ABOUT AMAZING ANIMALS
Amazing Animals/Heythrop Zoological Gardens was founded in 1977 by Jim and Sally Clubb. The zoo was set up on an old sawmill yard and over the years has become one of the largest animal training centres for the audiovisual industry. Long before the zoo was built, Amazing Animals were actively involved in a wide range of animal training activities. Jim began animal training at a young age and Sally was a seventh generation animal trainer.
After working mainly in live performance and exhibitions, Amazing Animals began shifting towards film work in the 1980s. They coordinated, trained and supplied most of the animals for TV dramas such as “Old Men at the Zoo”, “Blot on the Landscape” and an episode of “Bergerac”. However, their major breakthrough occurred on the three-season BBC drama, “One by One”, based on the memoirs of the company’s vet, David Taylor. Earning a reputation for professionalism and expertise with zoo-type animals, Amazing Animals continued working with the BBC as well as other stations on various dramas.
By 1988 work was underway to create Heythrop Zoological Gardens, the largest custom-built private zoo location, specifically designed for the audio-visual media industries in Europe. Major motion pictures, such as Warner Bros. Pictures’ “The Legend of Tarzan” and “Mowgli: Legend of the Jungle”, had Amazing Animals’ action filmed at their onsite studio.
Heythrop Zoological Gardens, has a modern design but with the exaggerated outward appearance of a classic zoo. This means they not only care for their animals in line with modern scientific zoological practices but also provide a facility that is ideal for filming on location. Many TV programmes (“A Touch of Frost”, “Jekyll”, “Dalziel and Pascoe” etc.), commercials (“Fiat Panda”) and feature films (“The League of Gentlemen: Apocalypse”, the “Harry Potter” film series etc.) have prominently used the zoo’s particular features as a setting. Other clients such as BBC’s “Dr Who”, “Vestatech”, “Land Rover”, “Steve Leonard’s Extreme Animals” and “Drew Gardner Photography” have made use of the zoo’s English countryside location to film the animals in the zoo woodland and fields. (Read more www.amazinganimals.co.uk/heythrop-zoo/location-hire/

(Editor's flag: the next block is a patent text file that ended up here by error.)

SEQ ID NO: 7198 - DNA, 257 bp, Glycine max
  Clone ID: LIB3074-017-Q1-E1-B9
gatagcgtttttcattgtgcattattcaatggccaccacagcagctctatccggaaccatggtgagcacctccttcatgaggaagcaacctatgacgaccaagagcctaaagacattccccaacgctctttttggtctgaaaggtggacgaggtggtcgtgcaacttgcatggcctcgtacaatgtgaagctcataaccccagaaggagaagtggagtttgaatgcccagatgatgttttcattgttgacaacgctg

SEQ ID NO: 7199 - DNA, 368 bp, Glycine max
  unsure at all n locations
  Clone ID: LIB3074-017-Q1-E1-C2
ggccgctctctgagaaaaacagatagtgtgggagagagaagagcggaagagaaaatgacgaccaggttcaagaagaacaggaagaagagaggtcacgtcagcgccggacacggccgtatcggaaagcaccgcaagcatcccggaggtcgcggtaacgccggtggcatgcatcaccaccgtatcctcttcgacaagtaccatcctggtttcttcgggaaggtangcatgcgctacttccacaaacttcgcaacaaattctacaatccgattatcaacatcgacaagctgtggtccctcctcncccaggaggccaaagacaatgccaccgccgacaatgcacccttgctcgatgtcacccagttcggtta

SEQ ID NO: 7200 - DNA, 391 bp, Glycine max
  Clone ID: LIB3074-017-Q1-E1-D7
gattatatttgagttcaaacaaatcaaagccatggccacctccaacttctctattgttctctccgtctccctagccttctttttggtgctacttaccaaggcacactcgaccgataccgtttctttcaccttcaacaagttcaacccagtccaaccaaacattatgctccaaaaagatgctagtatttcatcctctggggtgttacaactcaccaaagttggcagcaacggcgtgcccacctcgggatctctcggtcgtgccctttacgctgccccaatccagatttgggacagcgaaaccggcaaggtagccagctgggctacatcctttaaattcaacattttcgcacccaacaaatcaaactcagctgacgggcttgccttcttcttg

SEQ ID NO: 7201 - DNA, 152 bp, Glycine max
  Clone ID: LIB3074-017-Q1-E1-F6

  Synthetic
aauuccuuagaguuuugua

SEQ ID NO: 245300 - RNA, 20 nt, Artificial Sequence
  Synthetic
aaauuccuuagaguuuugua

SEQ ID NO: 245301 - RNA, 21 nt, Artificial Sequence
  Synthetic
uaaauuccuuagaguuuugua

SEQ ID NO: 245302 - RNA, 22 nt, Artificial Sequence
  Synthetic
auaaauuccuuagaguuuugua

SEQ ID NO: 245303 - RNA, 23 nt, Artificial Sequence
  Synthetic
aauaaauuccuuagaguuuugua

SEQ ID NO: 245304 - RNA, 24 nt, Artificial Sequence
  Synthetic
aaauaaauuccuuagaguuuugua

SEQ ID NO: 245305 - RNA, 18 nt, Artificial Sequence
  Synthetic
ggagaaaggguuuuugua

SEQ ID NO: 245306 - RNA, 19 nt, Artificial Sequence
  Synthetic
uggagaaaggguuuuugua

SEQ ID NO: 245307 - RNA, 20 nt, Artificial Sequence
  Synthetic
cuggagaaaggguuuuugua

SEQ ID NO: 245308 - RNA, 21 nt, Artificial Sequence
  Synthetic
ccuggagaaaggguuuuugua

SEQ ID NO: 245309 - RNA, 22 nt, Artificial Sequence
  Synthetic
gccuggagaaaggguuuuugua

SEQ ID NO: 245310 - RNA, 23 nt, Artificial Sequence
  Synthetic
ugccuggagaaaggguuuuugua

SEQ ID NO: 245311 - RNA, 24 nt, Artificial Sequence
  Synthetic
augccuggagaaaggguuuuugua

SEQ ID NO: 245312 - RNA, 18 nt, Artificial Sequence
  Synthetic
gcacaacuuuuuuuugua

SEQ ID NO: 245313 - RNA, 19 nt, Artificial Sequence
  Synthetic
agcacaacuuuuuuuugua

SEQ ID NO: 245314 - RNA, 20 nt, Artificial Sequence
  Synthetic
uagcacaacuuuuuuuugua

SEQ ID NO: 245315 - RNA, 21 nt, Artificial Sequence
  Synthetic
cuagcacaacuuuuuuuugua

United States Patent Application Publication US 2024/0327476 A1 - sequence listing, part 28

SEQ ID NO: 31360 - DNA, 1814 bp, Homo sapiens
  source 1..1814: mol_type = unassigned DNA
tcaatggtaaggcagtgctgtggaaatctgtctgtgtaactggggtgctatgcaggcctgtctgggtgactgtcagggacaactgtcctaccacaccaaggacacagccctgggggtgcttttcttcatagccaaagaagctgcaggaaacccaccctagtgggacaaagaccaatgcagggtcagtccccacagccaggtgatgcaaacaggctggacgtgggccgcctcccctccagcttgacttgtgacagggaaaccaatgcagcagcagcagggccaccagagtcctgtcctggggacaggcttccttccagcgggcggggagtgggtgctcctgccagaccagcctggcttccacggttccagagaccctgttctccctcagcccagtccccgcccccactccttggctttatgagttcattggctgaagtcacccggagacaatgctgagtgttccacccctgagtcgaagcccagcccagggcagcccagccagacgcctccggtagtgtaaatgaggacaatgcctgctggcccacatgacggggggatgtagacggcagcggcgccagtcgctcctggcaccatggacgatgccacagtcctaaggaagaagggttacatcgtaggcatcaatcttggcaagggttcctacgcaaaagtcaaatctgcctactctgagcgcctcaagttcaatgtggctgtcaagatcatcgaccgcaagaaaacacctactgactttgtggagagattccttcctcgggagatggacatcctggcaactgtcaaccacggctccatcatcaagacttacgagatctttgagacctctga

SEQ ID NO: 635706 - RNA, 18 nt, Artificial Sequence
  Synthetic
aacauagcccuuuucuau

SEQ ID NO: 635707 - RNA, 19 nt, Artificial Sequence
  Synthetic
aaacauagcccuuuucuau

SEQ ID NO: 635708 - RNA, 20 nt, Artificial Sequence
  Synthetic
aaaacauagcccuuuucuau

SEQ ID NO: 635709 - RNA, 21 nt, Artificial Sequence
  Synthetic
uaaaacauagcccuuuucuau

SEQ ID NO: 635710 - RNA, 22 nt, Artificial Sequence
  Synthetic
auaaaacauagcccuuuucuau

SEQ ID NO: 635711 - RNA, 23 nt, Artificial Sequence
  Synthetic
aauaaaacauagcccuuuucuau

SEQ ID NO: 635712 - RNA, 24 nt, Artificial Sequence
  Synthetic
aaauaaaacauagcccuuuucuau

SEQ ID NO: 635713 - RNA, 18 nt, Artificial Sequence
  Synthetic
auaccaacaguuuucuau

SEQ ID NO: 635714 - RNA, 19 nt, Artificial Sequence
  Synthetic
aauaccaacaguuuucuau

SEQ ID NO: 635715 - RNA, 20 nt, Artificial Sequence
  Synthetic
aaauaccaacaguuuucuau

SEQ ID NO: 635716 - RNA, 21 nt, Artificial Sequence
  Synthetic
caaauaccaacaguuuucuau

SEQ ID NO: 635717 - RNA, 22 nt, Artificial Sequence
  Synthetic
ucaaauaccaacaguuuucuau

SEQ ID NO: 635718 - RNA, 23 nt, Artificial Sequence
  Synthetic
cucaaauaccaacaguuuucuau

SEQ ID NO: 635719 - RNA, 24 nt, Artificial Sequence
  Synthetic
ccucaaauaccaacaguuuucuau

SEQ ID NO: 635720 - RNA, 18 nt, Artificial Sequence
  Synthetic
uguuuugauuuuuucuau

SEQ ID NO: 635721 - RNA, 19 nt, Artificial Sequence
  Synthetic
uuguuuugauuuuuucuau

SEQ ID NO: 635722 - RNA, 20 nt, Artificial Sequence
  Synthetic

Notable major motion picture work in the 1980s included “Octopussy”, “Full Metal Jacket” and “Willow” whilst more independent productions included cult classics like “Whoopsapocalypse”. In the 1990s Amazing Animals provided their animals for such films as “A Business Affair”, “Fierce Creatures”, “Twelve Monkeys”, “Lost in Space”, “The Mummy Returns”, “101 Dalmatians” and “Mission: Impossible”. Moving into the 2000s, Amazing Animals highlights include “Stardust”, “Nativity”, “Sweeney Todd” and “The Golden Compass”. Credits from the 2010s include “The Look of Love”, “The Favourite” and “Jurassic World”. The 2020s has included working on such pictures as “Starve Acre”.
Around the time Amazing Animals began working in TV drama they caught the attention of the producers of children’s programmes. From their early days they worked at length with such celebrity animal specialists as Johnny Morris (“Animal Magic”) and Terry Nutkins (“The Really Wild Show” and “Brilliant Creatures”). A good number of children’s Saturday morning shows of the 1980s regularly booked the services of Amazing Animals, from ITV’s “Number 73” to BBC’s “Going Live”. Other classic children’s dramas included “Stig of the Dump” and “Grange Hill”.
Amazing Animals became the go-to people for natural history documentaries, working closely with such luminaries as the director/producer/presenter Martin Hughes-Games on a variety of celebrated projects in the 1990s and 2000s. They also worked with TV vet Steve Leonard on two entire series and also the legendary Sir David Attenborough on several different occasions, including his 90th birthday celebration in the Radio Times.